ance of Native American songs and dances dur?ing his stay in Iowa. Traces of these experi?ences--and others, since the third movement contains the near-quote of a birdsong Dvorak had heard at Spillville--may be found in his "American" Quartet. The most recognizable folk element is the use of the pentatonic scale, used in all the most important melodies of the work. Yet pentatonicism could also be found in Euro?pean folk traditions and was present in Dvorak's music before the American trip. (As an interest?ing coincidence, a younger contemporary that Dvorak would never have heard of, a Frenchman by the name of Claude Debussy, wrote his own string quartet [that also famously uses penta?tonicism] in the very same year, 1893.)
What makes the "American" Quartet a mas?terpiece is the fact that Dvorak was able to express himself perfectly through the use of the pentatonic idiom adopted from outside sources. Although the melodies are fairly simple, they were subjected to some fairly sophisticated the?matic development. The accompaniments (whether figurative or contrapuntal) show great care and extreme variety, as does the planning of key changes to avoid the commonplace. In other words, Dvorak assimilated the folk-inspired materials into the art-music idiom he had inherited from Beethoven, Schubert, and Brahms, and in this sense, the "American" Quar?tet is a thoroughly "European" creation.
Dvorak was one of the last composers to speak with an individual voice while using the conventional forms of the Romantic era. In this sense, his work stands at the end of that "age of innocence" in music where there was as yet no gulf whatsoever between artists and their audiences.
Quintet for Clarinet and Strings in A Major, K. 581, "Stadler's Quintet"
Wolfgang Amadeus Mozart
Born January 27, 1756 in Salzburg, Austria
Died December 5, 1791 in Vienna
In Mozart's time, the clarinet was not yet fully established as a permanent member of the orchestra. Many of Mozart's symphonies and concertos do very well without it. But when it does appear (as in Symphony No. 39), Mozart always makes sure it plays a prominent role. The clarinet's special sound quality--especially its wonderful low register--quickly turned this newcomer among instruments into a real star. By the end of the 18th century, the clarinet was certainly the most frequently used woodwind instrument in solo and chamber works.
Mozart had the good fortune to be acquaint?ed with two of the best clarinet players of the day, the brothers Anton and Johann Nepomuk Stadler. Both brothers were members of the court orchestra in Vienna, and Anton was par?ticularly well known as a virtuoso. The first chamber-music work Mozart wrote for him was the so-called "Kegelstatt" Trio (K. 498) in 1786. (The trio received its nickname--"Bowling-Alley Trio"--from the wholly unfounded rumor that Mozart composed it while he was out bowling one night.) In this trio, Mozart played the viola part, Stadler the clarinet and one of Mozart's pupils, Franziska von Jacquin, the piano. The Clarinet Quintet in A Major followed in 1789 and the Clarinet Concerto in A Major in 1791 -two great tributes to Stadler's musicianship and two masterpieces that are exceptional even by Mozartian standards.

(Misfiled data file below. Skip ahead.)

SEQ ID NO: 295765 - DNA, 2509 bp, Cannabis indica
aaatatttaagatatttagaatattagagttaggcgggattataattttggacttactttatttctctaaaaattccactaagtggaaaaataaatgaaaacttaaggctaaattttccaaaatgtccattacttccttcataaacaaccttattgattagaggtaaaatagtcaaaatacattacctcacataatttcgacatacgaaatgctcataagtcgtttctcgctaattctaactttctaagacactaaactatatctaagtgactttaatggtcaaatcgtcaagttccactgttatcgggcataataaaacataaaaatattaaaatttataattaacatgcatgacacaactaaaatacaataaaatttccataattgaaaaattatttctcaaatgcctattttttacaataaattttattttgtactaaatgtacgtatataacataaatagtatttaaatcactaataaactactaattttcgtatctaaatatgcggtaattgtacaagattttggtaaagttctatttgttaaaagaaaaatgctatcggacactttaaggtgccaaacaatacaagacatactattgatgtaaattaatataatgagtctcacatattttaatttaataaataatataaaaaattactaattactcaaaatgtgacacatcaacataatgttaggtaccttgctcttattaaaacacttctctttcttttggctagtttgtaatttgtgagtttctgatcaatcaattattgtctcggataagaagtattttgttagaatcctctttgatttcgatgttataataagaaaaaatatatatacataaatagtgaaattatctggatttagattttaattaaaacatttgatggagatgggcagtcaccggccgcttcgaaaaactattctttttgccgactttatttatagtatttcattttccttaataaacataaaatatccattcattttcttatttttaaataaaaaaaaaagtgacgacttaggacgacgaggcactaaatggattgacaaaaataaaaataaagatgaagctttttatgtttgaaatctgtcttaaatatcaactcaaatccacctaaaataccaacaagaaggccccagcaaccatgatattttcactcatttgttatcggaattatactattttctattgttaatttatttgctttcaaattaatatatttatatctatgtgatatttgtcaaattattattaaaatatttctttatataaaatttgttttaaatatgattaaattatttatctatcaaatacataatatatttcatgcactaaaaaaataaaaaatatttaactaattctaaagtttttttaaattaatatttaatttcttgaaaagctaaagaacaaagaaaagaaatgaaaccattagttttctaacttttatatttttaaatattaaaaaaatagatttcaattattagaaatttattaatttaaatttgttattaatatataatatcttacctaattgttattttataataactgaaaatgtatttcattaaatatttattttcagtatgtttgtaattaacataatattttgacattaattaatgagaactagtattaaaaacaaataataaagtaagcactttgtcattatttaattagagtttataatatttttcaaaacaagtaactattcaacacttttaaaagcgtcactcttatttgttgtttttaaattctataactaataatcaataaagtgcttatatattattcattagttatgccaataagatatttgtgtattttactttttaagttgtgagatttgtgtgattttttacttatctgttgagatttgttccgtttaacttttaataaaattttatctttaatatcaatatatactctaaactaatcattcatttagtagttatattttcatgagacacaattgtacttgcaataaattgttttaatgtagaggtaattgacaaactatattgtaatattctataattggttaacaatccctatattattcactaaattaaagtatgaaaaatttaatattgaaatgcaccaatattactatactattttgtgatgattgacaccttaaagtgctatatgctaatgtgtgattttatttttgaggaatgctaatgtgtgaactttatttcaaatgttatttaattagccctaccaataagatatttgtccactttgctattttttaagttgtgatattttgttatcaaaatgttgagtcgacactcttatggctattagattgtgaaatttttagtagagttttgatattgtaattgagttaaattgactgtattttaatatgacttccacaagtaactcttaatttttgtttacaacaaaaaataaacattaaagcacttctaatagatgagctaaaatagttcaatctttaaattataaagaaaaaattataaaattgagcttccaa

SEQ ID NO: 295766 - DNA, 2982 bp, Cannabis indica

It is interesting that these two works were not originally written for the clarinet as we know it. Stadler had devised a special instru?ment that probably no one else ever played, called the "basset clarinet." This instrument extended the famous low register of the clar?inet, the so-called chalumeau register, by a major third. It looked strikingly different from the regular clarinet in that its shape was not straight; the bell was found at the end of a
transverse pipe, perpendicular to the main body of the instrument. In both works, Mozart took full advantage of the extra low notes, but since the regular instruments didn't have them and Stadler's model never quite caught on, the pub?lished versions were adapted to the ordinary clarinet. Mozart's original manuscripts are lost, so one can either attempt to reconstruct the original (as several players have done) or give up the extra-low notes.
Tenderness and gentle lyricism are, perhaps, some of the words that come closest to describ?ing the beauties of the piece. From the very beginning, the strings set the intimate tone of the work, but when the clarinet enters, the gates of a hitherto unknown magical realm seem to open up before us. When the second theme, a graceful violin melody, is taken over by the clarinet, the tonality shifts from Major to minor, agitated syncopations appear in the accompaniment, and Classicism gives way to Romanticism for a brief moment. The develop?ment section creates high tension just by having the five instruments trade simple arpeggio (bro?ken-chord) figures back and forth. The Roman?tic episode is even extended during the recapitulation, which ends with a reaffirmation of the heavenly opening theme.
The second-movement "Larghetto" begins as an aria for the clarinet and later develops into a love duet between clarinet and first violin. In this work, even the third-movement minuet avoids stronger accents and remains poised, ele?gant, and well-balanced. There are two "trio" sections. The first one, a passionate piece in the dramatic minor mode, is scored for strings only, giving the clarinet a well-earned respite. After the repeat of the minuet, the second trio fea?tures the clarinet in a graceful Austrian Landler dance. A final repeat of the minuet closes this movement.